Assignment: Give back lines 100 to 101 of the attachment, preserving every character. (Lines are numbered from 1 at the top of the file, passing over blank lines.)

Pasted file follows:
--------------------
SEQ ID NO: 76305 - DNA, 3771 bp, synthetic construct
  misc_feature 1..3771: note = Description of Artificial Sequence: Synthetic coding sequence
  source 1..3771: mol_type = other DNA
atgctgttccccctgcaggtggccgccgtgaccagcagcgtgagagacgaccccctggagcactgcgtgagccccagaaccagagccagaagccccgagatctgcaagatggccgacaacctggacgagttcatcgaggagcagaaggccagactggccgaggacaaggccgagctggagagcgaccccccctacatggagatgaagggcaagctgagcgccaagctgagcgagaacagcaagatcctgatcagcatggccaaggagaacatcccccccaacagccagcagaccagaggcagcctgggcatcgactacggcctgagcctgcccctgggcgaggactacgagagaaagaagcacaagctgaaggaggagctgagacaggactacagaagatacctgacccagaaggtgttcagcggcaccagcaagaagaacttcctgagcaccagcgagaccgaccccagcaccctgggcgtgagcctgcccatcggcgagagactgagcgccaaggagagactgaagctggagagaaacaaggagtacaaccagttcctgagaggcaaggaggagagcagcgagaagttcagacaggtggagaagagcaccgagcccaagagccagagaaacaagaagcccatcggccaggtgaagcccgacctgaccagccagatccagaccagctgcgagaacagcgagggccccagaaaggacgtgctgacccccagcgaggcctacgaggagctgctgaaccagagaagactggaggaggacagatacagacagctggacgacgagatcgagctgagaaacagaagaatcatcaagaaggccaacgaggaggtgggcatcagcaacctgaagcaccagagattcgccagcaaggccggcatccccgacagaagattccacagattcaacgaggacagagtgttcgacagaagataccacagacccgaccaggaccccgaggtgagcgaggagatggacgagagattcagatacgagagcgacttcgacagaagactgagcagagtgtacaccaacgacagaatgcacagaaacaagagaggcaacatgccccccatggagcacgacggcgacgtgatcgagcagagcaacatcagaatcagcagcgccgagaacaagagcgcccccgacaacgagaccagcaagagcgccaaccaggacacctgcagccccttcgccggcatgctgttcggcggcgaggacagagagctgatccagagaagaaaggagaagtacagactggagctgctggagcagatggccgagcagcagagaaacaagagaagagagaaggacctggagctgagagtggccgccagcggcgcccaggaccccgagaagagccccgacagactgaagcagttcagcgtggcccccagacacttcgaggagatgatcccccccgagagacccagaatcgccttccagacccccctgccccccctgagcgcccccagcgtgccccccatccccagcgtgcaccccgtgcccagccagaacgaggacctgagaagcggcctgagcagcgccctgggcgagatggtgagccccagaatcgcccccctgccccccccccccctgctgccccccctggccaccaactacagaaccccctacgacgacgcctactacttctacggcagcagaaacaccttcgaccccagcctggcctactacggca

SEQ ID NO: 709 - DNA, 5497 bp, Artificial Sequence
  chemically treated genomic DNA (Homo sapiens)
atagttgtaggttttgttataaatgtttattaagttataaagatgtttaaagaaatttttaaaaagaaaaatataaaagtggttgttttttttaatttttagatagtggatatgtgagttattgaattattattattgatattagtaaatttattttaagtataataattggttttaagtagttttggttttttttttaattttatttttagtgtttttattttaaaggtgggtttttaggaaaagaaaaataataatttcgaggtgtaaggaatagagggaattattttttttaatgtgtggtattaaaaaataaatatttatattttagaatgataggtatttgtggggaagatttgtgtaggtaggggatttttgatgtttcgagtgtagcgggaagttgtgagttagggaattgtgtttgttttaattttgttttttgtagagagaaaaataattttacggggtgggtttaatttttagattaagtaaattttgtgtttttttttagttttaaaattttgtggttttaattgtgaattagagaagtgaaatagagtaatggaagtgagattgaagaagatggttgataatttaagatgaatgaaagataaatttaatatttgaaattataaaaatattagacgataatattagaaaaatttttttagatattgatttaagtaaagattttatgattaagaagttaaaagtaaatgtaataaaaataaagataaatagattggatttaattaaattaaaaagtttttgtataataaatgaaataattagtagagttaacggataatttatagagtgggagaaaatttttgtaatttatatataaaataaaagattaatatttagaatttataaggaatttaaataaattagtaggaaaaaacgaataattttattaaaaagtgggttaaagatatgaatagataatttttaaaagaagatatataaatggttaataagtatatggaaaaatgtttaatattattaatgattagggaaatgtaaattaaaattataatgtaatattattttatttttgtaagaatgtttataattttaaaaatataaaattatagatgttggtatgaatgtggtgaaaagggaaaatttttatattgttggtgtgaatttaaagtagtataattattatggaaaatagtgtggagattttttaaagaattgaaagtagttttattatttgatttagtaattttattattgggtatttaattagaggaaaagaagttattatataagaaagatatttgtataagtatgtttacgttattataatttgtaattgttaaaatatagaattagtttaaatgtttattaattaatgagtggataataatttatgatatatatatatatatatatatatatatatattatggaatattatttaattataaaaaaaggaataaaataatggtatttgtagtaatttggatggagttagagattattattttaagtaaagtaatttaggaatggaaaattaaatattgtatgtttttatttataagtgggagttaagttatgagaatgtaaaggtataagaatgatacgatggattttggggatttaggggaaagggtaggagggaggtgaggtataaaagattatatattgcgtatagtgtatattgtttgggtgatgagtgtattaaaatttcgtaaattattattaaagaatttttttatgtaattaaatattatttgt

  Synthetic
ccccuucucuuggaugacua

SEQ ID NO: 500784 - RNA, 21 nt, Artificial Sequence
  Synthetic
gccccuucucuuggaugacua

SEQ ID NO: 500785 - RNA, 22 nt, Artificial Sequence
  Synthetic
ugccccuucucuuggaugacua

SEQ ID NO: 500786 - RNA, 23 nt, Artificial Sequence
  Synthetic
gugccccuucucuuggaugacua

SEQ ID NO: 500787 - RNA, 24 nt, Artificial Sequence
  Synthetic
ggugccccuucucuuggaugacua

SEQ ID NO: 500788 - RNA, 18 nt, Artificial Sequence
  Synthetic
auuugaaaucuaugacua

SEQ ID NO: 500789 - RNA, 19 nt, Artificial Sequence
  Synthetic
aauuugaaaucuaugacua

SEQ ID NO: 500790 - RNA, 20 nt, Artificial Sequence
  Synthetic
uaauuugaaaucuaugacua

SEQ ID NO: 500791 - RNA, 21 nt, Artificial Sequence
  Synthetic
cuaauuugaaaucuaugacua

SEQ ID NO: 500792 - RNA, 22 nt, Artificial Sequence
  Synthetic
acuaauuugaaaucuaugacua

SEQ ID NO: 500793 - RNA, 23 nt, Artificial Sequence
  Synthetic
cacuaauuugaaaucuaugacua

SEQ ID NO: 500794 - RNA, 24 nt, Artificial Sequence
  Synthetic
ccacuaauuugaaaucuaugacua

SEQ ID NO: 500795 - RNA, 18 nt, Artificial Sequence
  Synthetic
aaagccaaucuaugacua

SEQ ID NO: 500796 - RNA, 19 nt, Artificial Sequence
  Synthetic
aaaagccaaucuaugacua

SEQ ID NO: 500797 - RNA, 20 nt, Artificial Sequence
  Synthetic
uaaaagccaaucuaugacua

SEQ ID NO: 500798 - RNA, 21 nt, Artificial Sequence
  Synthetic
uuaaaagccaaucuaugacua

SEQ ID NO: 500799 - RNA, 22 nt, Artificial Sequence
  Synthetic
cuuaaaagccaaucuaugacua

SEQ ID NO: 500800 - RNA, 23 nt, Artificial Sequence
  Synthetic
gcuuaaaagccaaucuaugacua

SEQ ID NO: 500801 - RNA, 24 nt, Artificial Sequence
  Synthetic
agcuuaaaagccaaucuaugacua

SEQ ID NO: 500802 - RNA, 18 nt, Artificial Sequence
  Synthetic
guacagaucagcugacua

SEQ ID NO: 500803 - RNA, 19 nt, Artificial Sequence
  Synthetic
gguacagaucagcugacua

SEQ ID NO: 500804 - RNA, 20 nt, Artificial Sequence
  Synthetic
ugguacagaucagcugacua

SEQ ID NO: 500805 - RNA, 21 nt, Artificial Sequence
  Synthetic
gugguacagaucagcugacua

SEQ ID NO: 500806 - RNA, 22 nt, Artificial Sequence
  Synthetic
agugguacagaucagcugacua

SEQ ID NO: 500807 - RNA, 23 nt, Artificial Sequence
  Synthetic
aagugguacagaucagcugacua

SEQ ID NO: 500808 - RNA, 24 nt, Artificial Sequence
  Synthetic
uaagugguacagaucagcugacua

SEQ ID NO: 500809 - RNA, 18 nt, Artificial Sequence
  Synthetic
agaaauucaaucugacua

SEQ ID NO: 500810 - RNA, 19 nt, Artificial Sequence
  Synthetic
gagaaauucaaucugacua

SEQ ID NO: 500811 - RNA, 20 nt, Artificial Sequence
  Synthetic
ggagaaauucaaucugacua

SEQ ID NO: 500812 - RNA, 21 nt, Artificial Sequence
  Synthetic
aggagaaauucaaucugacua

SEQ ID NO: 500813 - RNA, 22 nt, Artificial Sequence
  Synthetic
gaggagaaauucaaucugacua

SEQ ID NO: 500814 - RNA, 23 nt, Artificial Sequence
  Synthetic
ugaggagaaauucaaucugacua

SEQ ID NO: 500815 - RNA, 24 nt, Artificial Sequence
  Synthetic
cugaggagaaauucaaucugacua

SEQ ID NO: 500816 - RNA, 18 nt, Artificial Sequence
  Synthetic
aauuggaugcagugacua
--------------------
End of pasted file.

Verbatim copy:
SEQ ID NO: 500814 - RNA, 23 nt, Artificial Sequence
  Synthetic